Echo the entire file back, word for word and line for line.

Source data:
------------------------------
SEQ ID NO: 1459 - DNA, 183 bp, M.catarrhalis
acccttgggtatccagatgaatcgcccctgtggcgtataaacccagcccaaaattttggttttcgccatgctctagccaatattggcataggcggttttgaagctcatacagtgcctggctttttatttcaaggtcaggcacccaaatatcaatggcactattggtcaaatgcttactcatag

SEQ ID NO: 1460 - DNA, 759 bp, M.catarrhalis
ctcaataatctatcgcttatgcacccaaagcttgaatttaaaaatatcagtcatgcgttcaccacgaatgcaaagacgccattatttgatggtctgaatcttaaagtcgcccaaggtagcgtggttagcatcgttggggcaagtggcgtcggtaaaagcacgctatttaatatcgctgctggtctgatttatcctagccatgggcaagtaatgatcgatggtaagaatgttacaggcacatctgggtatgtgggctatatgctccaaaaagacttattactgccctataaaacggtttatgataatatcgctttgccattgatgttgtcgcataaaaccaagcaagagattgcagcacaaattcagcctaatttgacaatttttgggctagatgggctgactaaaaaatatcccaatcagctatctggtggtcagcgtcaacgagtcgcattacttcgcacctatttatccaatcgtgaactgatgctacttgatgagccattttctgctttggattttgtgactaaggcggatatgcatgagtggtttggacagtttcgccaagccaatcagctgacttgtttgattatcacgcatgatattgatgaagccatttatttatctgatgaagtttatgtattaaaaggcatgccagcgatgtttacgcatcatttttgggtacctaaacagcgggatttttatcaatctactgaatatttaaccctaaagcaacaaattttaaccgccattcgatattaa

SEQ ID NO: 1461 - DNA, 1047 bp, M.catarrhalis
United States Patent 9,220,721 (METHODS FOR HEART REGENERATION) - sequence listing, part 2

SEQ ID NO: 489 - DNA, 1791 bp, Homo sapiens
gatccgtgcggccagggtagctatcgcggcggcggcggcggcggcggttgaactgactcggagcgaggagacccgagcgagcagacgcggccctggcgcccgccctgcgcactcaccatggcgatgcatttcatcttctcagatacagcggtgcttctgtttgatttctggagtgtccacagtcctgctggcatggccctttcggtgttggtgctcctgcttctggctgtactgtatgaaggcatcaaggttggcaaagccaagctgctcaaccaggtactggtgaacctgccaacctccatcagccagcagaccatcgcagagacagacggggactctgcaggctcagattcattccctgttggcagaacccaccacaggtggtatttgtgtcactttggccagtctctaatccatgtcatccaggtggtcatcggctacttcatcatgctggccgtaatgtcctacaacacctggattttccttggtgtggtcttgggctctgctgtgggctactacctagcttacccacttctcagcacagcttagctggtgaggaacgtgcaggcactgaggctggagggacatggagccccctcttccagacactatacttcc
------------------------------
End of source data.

SEQ ID NO: 1459 - DNA, 183 bp, M.catarrhalis
acccttgggtatccagatgaatcgcccctgtggcgtataaacccagcccaaaattttggttttcgccatgctctagccaatattggcataggcggttttgaagctcatacagtgcctggctttttatttcaaggtcaggcacccaaatatcaatggcactattggtcaaatgcttactcatag

SEQ ID NO: 1460 - DNA, 759 bp, M.catarrhalis
ctcaataatctatcgcttatgcacccaaagcttgaatttaaaaatatcagtcatgcgttcaccacgaatgcaaagacgccattatttgatggtctgaatcttaaagtcgcccaaggtagcgtggttagcatcgttggggcaagtggcgtcggtaaaagcacgctatttaatatcgctgctggtctgatttatcctagccatgggcaagtaatgatcgatggtaagaatgttacaggcacatctgggtatgtgggctatatgctccaaaaagacttattactgccctataaaacggtttatgataatatcgctttgccattgatgttgtcgcataaaaccaagcaagagattgcagcacaaattcagcctaatttgacaatttttgggctagatgggctgactaaaaaatatcccaatcagctatctggtggtcagcgtcaacgagtcgcattacttcgcacctatttatccaatcgtgaactgatgctacttgatgagccattttctgctttggattttgtgactaaggcggatatgcatgagtggtttggacagtttcgccaagccaatcagctgacttgtttgattatcacgcatgatattgatgaagccatttatttatctgatgaagtttatgtattaaaaggcatgccagcgatgtttacgcatcatttttgggtacctaaacagcgggatttttatcaatctactgaatatttaaccctaaagcaacaaattttaaccgccattcgatattaa

SEQ ID NO: 1461 - DNA, 1047 bp, M.catarrhalis
United States Patent 9,220,721 (METHODS FOR HEART REGENERATION) - sequence listing, part 2

SEQ ID NO: 489 - DNA, 1791 bp, Homo sapiens
gatccgtgcggccagggtagctatcgcggcggcggcggcggcggcggttgaactgactcggagcgaggagacccgagcgagcagacgcggccctggcgcccgccctgcgcactcaccatggcgatgcatttcatcttctcagatacagcggtgcttctgtttgatttctggagtgtccacagtcctgctggcatggccctttcggtgttggtgctcctgcttctggctgtactgtatgaaggcatcaaggttggcaaagccaagctgctcaaccaggtactggtgaacctgccaacctccatcagccagcagaccatcgcagagacagacggggactctgcaggctcagattcattccctgttggcagaacccaccacaggtggtatttgtgtcactttggccagtctctaatccatgtcatccaggtggtcatcggctacttcatcatgctggccgtaatgtcctacaacacctggattttccttggtgtggtcttgggctctgctgtgggctactacctagcttacccacttctcagcacagcttagctggtgaggaacgtgcaggcactgaggctggagggacatggagccccctcttccagacactatacttcc